All contextual modulations were statistically analyzed on the level ofindividual neurons and, additionally, on the population level. We usedbootstrap methods (n � 100 samples) to estimate the confidence limitsof all indices (GM, SM, DM, and DD) for each individual neuron. Thetrial-by-trial spike rates were randomly permuted with repetitions,whereas the assignment of each trial to a certain direction, transforma-tion rule, and memory condition was kept unchanged. GM, SM, and DMwere considered significant if the 95% confidence limit did not overlapwith zero. DD was considered to significantly deviate from motor-goaltuning if the circular confidence interval did not overlap with 180°.
On the population level, we estimated the to-be-expected distributions ofall indices when assuming random data (shuffle test; n � 100 * number ofused neurons). We randomly permuted trial-by-trial spike rates across thetwo transformation rules, while keeping the cue direction and memory con-dition unchanged. This procedure eliminated any effect of the transforma-tion rule. For the GM, SM, and DM, t tests were used to quantify deviationsof the population means from zero. Additionally, a Bartlett test was used totest for deviations of the original distribution’s variance from the normallydistributed shuffled data. A positive Bartlett test indicates contextual modu-lations beyond what is expected because of random variations, even if thedistribution of indices is centered at zero (i.e., even when there is no bias ofthe index toward either propreference or antipreference). To test whether adistribution of DD across the population of neurons deviates significantlyfrom the predefined �180° direction, we used circular statistics to computethe 95% confidence limits according to the following:
d � arccos��2n(2R2 � n��,12 )
4n � ��,12
where R � nr. n is the number of samples, r is the mean resultant vectorlength of the angular direction data (here, DD indices), and � is the
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inverse of the � 2 cumulative distribution function with a confidencelimit of 1 � � (Zar, 1999).
To quantify the correlation between the signs and strengths of differ-ent forms of contextual modulation in individual neurons, we computedPearson’s cross-correlation coefficients of the different indices across thepopulation of neurons. To make the modulation indices scale-invariant,we normalized the modulation indices to the variances of their respectivedistributions as follows:
Here, i is the considered index (GM, SM, DM), x is the value of the index,and � is the variance of the index distribution over the cell population.Note that this normalization is only for easier comparison of the modu-lation strengths in the scatter plots of Figure 7. The cross-correlationcoefficient is independent of this linear scaling, which is applied withineach index distribution. To test whether different types of modulationtend to occur in complementary neuronal subpopulations, regardless ofthe “direction” of modulation (i.e., propreference vs antipreference), wealso compared the absolute values of the different modulation indices.We used Spearman’s rank correlation to account for the non-normaldistribution of absolute modulation indices.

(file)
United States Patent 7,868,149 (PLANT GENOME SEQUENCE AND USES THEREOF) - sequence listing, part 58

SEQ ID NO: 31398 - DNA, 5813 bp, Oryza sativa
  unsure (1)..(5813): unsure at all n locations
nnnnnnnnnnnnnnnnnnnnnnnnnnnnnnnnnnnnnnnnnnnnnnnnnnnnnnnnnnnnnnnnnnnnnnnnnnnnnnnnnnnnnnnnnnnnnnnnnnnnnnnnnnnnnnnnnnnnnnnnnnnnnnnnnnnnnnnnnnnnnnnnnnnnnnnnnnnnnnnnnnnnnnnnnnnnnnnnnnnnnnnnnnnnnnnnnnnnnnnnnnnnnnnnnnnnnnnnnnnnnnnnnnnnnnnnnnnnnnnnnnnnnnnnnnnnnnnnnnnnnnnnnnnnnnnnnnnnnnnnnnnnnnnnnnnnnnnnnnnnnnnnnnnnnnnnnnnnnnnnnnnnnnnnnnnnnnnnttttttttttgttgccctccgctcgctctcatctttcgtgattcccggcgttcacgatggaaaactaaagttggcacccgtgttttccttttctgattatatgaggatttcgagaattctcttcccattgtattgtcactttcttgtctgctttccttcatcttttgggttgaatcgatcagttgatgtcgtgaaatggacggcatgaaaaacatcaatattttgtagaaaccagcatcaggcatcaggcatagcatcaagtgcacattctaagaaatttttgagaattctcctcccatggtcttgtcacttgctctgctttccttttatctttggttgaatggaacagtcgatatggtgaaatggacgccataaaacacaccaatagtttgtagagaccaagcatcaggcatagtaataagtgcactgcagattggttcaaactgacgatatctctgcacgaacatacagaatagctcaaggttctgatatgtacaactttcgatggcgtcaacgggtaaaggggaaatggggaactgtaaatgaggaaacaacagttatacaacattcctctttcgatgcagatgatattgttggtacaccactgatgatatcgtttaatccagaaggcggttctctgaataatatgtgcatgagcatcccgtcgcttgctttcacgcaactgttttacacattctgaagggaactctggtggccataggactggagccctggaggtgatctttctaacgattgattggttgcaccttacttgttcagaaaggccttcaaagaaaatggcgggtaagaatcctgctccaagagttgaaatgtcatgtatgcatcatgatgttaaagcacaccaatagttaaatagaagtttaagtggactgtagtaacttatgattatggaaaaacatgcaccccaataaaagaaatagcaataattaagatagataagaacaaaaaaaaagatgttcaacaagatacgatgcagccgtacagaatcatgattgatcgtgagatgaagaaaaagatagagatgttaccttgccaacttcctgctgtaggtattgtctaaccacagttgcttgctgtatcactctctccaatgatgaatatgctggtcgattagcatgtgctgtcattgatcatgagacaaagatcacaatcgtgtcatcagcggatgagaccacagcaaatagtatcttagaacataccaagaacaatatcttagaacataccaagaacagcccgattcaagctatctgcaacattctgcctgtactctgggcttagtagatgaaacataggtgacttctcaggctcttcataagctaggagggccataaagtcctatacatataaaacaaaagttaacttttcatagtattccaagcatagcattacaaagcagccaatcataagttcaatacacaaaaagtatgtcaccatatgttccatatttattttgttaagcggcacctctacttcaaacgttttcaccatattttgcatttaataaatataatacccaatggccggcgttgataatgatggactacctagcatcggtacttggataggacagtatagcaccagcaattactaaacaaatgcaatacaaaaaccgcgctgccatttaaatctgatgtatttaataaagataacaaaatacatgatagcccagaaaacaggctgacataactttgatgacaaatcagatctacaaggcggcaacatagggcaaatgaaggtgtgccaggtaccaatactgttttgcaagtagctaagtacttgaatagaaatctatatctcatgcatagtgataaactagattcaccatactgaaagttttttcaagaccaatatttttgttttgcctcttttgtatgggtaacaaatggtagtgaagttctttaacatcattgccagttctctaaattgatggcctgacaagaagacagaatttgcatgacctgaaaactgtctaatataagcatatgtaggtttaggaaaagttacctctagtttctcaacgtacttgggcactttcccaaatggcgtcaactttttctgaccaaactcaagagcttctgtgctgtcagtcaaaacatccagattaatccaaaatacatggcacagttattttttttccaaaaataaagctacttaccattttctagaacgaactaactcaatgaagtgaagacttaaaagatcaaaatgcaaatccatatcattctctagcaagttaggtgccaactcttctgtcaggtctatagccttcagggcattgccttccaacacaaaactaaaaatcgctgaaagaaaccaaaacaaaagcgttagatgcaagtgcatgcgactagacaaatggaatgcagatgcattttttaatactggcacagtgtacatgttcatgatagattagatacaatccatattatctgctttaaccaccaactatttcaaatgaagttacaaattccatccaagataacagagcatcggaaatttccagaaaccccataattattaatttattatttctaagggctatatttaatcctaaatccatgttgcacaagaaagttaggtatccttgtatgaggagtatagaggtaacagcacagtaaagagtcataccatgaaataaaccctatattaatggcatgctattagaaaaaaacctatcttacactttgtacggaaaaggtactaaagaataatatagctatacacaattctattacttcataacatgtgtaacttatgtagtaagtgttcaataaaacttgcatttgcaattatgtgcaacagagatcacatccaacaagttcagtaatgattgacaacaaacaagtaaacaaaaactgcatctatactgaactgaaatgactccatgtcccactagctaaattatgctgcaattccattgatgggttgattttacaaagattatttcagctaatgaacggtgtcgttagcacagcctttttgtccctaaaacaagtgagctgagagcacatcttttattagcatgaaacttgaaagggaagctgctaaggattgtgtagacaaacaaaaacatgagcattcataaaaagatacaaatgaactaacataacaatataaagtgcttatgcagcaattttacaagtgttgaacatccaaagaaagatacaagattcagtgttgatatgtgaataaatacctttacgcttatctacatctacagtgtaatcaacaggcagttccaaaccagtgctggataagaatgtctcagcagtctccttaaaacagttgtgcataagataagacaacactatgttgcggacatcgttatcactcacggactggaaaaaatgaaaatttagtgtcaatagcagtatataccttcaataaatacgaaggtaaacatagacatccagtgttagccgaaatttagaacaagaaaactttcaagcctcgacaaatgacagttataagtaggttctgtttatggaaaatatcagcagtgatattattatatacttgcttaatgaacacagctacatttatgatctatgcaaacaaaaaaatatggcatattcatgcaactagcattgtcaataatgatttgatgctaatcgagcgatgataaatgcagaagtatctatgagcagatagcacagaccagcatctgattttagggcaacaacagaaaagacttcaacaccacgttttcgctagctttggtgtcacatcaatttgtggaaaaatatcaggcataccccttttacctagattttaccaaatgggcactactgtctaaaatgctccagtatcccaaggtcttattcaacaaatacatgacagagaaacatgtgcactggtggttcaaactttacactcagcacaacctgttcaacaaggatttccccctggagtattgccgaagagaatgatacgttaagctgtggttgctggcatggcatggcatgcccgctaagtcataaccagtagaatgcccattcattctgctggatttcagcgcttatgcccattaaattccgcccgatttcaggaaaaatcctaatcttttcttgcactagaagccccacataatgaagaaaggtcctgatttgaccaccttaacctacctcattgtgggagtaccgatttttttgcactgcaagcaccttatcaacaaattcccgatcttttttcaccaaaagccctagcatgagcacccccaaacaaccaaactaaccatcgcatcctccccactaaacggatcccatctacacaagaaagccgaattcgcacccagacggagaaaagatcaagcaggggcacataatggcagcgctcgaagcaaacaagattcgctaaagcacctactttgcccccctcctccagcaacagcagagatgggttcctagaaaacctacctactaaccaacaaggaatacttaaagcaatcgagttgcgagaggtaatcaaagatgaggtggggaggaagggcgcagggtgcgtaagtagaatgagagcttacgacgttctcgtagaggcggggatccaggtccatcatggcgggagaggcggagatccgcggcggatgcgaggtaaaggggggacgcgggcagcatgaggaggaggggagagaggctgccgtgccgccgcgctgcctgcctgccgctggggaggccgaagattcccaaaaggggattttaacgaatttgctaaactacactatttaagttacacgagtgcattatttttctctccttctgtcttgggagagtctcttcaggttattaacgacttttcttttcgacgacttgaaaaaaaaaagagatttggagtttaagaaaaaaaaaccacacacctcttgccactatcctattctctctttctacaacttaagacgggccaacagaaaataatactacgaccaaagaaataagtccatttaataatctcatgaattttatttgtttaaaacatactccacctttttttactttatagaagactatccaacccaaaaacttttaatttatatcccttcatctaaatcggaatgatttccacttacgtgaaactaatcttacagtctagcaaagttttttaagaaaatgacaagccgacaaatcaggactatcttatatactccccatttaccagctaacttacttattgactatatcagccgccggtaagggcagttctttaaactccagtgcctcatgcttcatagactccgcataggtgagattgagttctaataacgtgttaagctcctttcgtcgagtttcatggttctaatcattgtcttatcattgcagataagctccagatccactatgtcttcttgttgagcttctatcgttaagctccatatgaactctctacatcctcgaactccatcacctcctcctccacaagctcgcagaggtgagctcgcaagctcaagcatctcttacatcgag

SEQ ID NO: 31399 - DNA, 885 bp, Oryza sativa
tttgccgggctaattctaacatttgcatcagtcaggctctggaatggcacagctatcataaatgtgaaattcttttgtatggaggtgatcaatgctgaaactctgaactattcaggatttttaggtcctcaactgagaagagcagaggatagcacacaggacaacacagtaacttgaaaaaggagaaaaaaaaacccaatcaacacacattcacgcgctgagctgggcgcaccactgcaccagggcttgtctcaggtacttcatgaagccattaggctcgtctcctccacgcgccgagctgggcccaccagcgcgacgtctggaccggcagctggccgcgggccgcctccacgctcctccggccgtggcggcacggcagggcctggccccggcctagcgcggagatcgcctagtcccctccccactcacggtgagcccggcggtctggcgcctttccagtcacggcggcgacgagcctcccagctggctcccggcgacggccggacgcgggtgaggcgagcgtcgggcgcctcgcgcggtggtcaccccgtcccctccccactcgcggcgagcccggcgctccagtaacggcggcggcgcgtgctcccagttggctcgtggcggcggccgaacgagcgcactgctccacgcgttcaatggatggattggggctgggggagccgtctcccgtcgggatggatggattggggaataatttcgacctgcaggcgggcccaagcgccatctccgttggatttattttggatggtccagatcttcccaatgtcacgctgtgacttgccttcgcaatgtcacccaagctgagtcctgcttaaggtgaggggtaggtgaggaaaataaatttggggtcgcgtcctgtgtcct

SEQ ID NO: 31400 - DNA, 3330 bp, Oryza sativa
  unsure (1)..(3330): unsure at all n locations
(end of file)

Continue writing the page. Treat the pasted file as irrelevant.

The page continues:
ResultsBoth monkeys performed the task with high accuracy. The per-centage of overall correct trials was 78% (monkey S) and 86%(monkey A) in the RS condition, and 75% (S) and 83% (A) in theR condition. Error trials were mainly attributable to early trialabortion (mostly breaks in ocular fixation) but not attributable toa confusion of the “pro” and “anti” rules. The percentage ofcorrect pro-reach and anti-reach decisions in otherwise-correcttrials was 98% (S) and 99% (A) in the RS condition, and 94% (S)and 99% (A) in the R condition. The performance of both mon-keys showed no significant difference between pro-trials andanti-trials in the RS condition ( p � 0.05, paired t test), and a mini-mal difference in the R condition (S: mpro � 95%, manti � 94%, p �0.008; A: mpro � 99%, manti � 98%, p � 0.003, paired t test).
A total of 258 neurons from PRR (monkey S, 99; A, 159) and193 from PMd (S, 75; A, 118) were recorded. Regardless of theirspatial tuning properties, we tested all recorded neurons for di-rect context modulation (i.e., modulations of neuronal responseamplitude by the context independent of directional selectivity)during the late memory period in the R condition (DM) (seeMaterials and Methods). For analyzing the effect of context on